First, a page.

Windows XP Support Ending Soon

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windows 7 logo Microsoft long ago announced that it was ending support for Windows XP. However, the company continues to march on with additional end of support dates and times to really drive the point home for users who continue to be surprised that the company is no longer supporting Windows XP.

Recently, there was some hubbub about Microsoft not intending to deliver the next Internet Explorer version upgrade on the Windows XP platform. It shouldn’t really be a shock since official support for Windows XP has ended, it is not much of leap to figure that the company won’t really be developing much in the way of new software, services, or features for XP, unless there is some sort of strategic advantage in doing so.

The current support end date is April 13, 2010 which marks the end of support for Windows XP Service Pack 2, or SP2 as it is better known. Also, support for Windows Vista RTM ends that day as well, although no one really seems to care about that.

The interesting piece of this situation is that there is no Service Pack 3 for the 64-bit version of XP which means that there is no update to install in order to "catch-up" to the current support window. However, Microsoft has put the 64-bit version on the SP3 end of support timeline, which means essentially, that all XP editions currently running the latest Microsoft Service Pack are set until April 8, 2014 which marks the end of line for those operating systems to receive updates or patches.

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There is some confusion among those not in the IT industry over exactly what is going on here, since Microsoft already said that there was no more support for Windows XP. Allow me to fill in the gaps.

When Microsoft ended XP support it was a mostly symbolic gesture made to push people and businesses to upgrade to Vista, and more seriously, to Windows 7. While regular home users of Windows XP have been "unsupported" for some time now, businesses with various levels of support agreements or volume licensing agreements have continued to receive support under those programs. This is not surprising, since business made it very clear that they were not going to upgrade to Vista. If Microsoft wanted to keep getting the dollars that those service agreements generate, they were going to have to offer the support businesses wanted to pay for which was XP support.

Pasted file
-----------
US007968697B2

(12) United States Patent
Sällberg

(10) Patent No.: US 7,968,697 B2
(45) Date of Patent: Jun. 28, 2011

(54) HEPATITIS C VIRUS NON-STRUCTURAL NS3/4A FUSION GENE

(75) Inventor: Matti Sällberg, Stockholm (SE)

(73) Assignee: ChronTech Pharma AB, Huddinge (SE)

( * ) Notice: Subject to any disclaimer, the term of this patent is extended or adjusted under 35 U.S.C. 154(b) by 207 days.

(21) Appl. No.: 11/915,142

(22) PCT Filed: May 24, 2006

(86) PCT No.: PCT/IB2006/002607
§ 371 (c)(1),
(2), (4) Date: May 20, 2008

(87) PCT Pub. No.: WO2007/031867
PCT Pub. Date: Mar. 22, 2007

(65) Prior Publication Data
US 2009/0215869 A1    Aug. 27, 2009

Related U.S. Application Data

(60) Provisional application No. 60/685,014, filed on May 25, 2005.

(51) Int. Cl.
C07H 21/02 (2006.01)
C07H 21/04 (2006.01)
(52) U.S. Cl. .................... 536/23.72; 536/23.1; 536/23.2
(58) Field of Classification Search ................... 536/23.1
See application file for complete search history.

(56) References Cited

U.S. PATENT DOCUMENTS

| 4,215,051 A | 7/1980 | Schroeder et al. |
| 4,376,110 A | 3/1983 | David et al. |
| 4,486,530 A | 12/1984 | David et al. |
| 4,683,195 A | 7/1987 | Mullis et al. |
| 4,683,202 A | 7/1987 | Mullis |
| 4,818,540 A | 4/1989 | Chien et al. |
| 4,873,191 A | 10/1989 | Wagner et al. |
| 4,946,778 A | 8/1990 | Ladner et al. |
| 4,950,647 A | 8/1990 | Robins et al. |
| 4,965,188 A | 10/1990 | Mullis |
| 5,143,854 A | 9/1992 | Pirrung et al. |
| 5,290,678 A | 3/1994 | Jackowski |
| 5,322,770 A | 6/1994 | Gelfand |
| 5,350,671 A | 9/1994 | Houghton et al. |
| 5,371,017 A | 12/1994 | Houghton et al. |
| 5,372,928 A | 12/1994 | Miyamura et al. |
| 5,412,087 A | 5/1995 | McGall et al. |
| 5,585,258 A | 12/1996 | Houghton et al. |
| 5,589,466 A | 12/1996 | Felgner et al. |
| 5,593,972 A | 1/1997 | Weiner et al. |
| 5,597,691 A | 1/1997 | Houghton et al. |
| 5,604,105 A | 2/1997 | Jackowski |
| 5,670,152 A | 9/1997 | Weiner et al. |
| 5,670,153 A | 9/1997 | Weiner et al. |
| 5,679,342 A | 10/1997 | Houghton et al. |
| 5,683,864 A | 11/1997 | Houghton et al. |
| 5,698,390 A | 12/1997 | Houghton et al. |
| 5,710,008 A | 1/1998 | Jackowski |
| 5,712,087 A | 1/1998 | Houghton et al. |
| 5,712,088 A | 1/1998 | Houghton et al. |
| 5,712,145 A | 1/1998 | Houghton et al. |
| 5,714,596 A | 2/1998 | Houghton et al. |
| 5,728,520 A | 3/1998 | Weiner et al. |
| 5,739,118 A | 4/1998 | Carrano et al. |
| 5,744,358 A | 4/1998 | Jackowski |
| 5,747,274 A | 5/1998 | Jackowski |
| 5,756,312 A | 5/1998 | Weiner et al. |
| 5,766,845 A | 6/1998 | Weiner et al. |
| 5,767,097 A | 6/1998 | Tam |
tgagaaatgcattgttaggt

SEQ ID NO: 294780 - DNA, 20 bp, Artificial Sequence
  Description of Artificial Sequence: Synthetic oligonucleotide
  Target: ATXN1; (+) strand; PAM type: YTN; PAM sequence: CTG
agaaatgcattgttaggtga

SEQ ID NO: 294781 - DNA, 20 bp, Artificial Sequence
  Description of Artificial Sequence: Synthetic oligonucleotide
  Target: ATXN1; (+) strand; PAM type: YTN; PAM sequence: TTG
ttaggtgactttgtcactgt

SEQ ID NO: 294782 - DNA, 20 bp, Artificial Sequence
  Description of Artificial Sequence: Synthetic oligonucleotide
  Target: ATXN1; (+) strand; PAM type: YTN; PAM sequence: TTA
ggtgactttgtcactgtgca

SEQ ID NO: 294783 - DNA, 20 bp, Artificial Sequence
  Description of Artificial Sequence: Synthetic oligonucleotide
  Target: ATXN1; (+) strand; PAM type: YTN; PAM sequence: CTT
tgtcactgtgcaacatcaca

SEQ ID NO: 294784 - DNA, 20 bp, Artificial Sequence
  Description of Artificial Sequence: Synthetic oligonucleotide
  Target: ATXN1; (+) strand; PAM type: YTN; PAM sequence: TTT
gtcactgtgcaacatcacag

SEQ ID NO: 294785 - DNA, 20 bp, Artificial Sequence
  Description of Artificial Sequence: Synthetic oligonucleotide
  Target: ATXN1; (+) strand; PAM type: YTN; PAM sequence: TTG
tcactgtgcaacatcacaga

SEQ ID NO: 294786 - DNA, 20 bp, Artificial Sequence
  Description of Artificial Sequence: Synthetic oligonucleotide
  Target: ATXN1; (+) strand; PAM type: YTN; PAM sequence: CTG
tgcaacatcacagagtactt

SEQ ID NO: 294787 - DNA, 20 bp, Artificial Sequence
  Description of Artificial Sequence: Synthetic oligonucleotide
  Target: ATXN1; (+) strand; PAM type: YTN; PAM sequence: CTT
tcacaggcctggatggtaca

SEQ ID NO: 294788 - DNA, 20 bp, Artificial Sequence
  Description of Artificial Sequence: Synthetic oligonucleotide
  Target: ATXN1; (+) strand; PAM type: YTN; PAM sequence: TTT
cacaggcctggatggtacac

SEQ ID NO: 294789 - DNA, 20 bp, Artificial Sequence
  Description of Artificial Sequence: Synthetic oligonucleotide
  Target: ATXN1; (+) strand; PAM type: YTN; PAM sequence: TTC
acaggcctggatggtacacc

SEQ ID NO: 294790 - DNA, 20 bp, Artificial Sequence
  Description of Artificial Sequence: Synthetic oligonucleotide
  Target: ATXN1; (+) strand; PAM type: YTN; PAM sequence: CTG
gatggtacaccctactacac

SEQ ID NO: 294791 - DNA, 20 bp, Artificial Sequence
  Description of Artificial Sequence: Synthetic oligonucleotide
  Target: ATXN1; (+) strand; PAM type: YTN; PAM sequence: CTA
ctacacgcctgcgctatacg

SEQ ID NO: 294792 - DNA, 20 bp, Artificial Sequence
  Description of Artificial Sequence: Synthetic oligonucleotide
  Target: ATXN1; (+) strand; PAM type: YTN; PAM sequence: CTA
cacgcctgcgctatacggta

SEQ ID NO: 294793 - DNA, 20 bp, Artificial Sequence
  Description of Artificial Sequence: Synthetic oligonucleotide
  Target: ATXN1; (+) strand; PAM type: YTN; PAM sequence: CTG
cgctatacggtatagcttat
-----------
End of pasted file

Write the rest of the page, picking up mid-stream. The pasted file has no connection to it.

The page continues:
In other words, public, free, Windows XP support is long gone. But, businesses that pay big dollars for their Microsoft support, or that have it as part of their purchase contracts, still get it. Microsoft has continued to release patches and updates for security issues and other technical problems in Windows XP in order to support these business customers. Once developed, there is no reason not to make them available to everyone, so patches and updates have continued to arrive for home users on Windows XP SP2 as well.

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If you are wondering how anyone could still be running XP SP2, the answer lies in the massive, hard to support, even harder to secure, installations within American business. These companies did not adopt SP3 because it contained some new features or "fixes" that either broke something they needed to keep working, or that those companies were worrying would open up security issues or other problems. Keep in mind that some of these companies use computer hardware for several years and each upgrade requires more power than some of their oldest PCs have.

By now, most companies have moved to SP3 and just disabled whatever they did not need out of it, so Microsoft can shutdown SP2 support altogether. That does not mean that those companies are ready to make the move to Windows 7 anytime soon, which is why the SP3 support date is another couple of years into the future. By 2014, Microsoft is hoping that anyone left on Windows SP3 will be the stragglers as opposed to the established majority, like they are today.

What it all means to you is that you need to install SP3, or the next vulnerability that gets discovered in XP won’t get patched on your system which means it is only a matter of time until your PC is overrun with Trojans and viruses.

More importantly, it moves the hand of the Windows XP Doomsday clock closer to midnight.

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